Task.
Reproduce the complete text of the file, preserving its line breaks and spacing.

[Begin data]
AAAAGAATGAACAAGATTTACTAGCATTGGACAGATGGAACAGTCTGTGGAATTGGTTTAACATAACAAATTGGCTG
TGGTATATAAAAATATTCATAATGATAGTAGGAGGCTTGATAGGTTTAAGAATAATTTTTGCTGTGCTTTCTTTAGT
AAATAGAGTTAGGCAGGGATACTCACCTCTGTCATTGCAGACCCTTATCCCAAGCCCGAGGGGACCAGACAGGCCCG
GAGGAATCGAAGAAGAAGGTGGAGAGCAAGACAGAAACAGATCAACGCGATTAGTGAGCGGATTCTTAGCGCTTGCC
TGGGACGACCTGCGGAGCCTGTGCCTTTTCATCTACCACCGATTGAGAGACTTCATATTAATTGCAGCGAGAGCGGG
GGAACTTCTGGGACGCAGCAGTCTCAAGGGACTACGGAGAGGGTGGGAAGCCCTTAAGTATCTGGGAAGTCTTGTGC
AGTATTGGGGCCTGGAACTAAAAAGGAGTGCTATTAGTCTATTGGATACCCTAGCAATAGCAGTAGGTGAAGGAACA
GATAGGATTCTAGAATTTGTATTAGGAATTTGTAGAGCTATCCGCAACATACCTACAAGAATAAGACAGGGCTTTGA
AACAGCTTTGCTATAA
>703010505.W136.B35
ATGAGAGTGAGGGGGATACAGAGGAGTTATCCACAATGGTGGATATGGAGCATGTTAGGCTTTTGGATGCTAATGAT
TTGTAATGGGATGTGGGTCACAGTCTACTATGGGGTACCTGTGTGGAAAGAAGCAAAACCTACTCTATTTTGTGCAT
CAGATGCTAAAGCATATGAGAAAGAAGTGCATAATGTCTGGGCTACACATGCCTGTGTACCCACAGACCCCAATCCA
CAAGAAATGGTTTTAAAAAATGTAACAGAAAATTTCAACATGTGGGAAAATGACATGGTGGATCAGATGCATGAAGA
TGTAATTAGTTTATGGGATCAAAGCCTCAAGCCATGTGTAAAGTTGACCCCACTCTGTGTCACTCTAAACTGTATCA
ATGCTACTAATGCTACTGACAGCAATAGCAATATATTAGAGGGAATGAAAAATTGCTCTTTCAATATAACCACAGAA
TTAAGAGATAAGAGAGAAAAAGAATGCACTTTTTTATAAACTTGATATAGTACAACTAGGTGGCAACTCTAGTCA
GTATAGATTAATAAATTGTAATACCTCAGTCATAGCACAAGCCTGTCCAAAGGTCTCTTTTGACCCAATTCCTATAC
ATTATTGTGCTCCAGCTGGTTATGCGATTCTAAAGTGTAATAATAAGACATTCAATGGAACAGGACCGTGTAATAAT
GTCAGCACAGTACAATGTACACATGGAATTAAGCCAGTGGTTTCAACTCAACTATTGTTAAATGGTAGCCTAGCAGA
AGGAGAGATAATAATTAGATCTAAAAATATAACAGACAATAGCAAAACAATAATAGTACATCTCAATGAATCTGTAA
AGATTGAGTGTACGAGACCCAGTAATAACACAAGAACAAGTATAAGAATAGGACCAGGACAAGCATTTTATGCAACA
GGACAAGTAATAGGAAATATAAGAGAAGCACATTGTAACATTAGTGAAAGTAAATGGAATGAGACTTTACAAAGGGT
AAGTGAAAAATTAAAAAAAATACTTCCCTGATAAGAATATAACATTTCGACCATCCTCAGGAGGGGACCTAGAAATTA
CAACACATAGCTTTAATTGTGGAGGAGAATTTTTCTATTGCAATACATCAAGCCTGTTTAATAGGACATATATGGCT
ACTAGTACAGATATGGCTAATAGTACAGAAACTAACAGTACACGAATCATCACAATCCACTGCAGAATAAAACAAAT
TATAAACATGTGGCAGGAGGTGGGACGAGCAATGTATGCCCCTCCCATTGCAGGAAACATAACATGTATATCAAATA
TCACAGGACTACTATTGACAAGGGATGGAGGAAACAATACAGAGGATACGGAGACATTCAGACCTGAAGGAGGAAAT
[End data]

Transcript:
AAAAGAATGAACAAGATTTACTAGCATTGGACAGATGGAACAGTCTGTGGAATTGGTTTAACATAACAAATTGGCTG
TGGTATATAAAAATATTCATAATGATAGTAGGAGGCTTGATAGGTTTAAGAATAATTTTTGCTGTGCTTTCTTTAGT
AAATAGAGTTAGGCAGGGATACTCACCTCTGTCATTGCAGACCCTTATCCCAAGCCCGAGGGGACCAGACAGGCCCG
GAGGAATCGAAGAAGAAGGTGGAGAGCAAGACAGAAACAGATCAACGCGATTAGTGAGCGGATTCTTAGCGCTTGCC
TGGGACGACCTGCGGAGCCTGTGCCTTTTCATCTACCACCGATTGAGAGACTTCATATTAATTGCAGCGAGAGCGGG
GGAACTTCTGGGACGCAGCAGTCTCAAGGGACTACGGAGAGGGTGGGAAGCCCTTAAGTATCTGGGAAGTCTTGTGC
AGTATTGGGGCCTGGAACTAAAAAGGAGTGCTATTAGTCTATTGGATACCCTAGCAATAGCAGTAGGTGAAGGAACA
GATAGGATTCTAGAATTTGTATTAGGAATTTGTAGAGCTATCCGCAACATACCTACAAGAATAAGACAGGGCTTTGA
AACAGCTTTGCTATAA
>703010505.W136.B35
ATGAGAGTGAGGGGGATACAGAGGAGTTATCCACAATGGTGGATATGGAGCATGTTAGGCTTTTGGATGCTAATGAT
TTGTAATGGGATGTGGGTCACAGTCTACTATGGGGTACCTGTGTGGAAAGAAGCAAAACCTACTCTATTTTGTGCAT
CAGATGCTAAAGCATATGAGAAAGAAGTGCATAATGTCTGGGCTACACATGCCTGTGTACCCACAGACCCCAATCCA
CAAGAAATGGTTTTAAAAAATGTAACAGAAAATTTCAACATGTGGGAAAATGACATGGTGGATCAGATGCATGAAGA
TGTAATTAGTTTATGGGATCAAAGCCTCAAGCCATGTGTAAAGTTGACCCCACTCTGTGTCACTCTAAACTGTATCA
ATGCTACTAATGCTACTGACAGCAATAGCAATATATTAGAGGGAATGAAAAATTGCTCTTTCAATATAACCACAGAA
TTAAGAGATAAGAGAGAAAAAGAATGCACTTTTTTATAAACTTGATATAGTACAACTAGGTGGCAACTCTAGTCA
GTATAGATTAATAAATTGTAATACCTCAGTCATAGCACAAGCCTGTCCAAAGGTCTCTTTTGACCCAATTCCTATAC
ATTATTGTGCTCCAGCTGGTTATGCGATTCTAAAGTGTAATAATAAGACATTCAATGGAACAGGACCGTGTAATAAT
GTCAGCACAGTACAATGTACACATGGAATTAAGCCAGTGGTTTCAACTCAACTATTGTTAAATGGTAGCCTAGCAGA
AGGAGAGATAATAATTAGATCTAAAAATATAACAGACAATAGCAAAACAATAATAGTACATCTCAATGAATCTGTAA
AGATTGAGTGTACGAGACCCAGTAATAACACAAGAACAAGTATAAGAATAGGACCAGGACAAGCATTTTATGCAACA
GGACAAGTAATAGGAAATATAAGAGAAGCACATTGTAACATTAGTGAAAGTAAATGGAATGAGACTTTACAAAGGGT
AAGTGAAAAATTAAAAAAAATACTTCCCTGATAAGAATATAACATTTCGACCATCCTCAGGAGGGGACCTAGAAATTA
CAACACATAGCTTTAATTGTGGAGGAGAATTTTTCTATTGCAATACATCAAGCCTGTTTAATAGGACATATATGGCT
ACTAGTACAGATATGGCTAATAGTACAGAAACTAACAGTACACGAATCATCACAATCCACTGCAGAATAAAACAAAT
TATAAACATGTGGCAGGAGGTGGGACGAGCAATGTATGCCCCTCCCATTGCAGGAAACATAACATGTATATCAAATA
TCACAGGACTACTATTGACAAGGGATGGAGGAAACAATACAGAGGATACGGAGACATTCAGACCTGAAGGAGGAAAT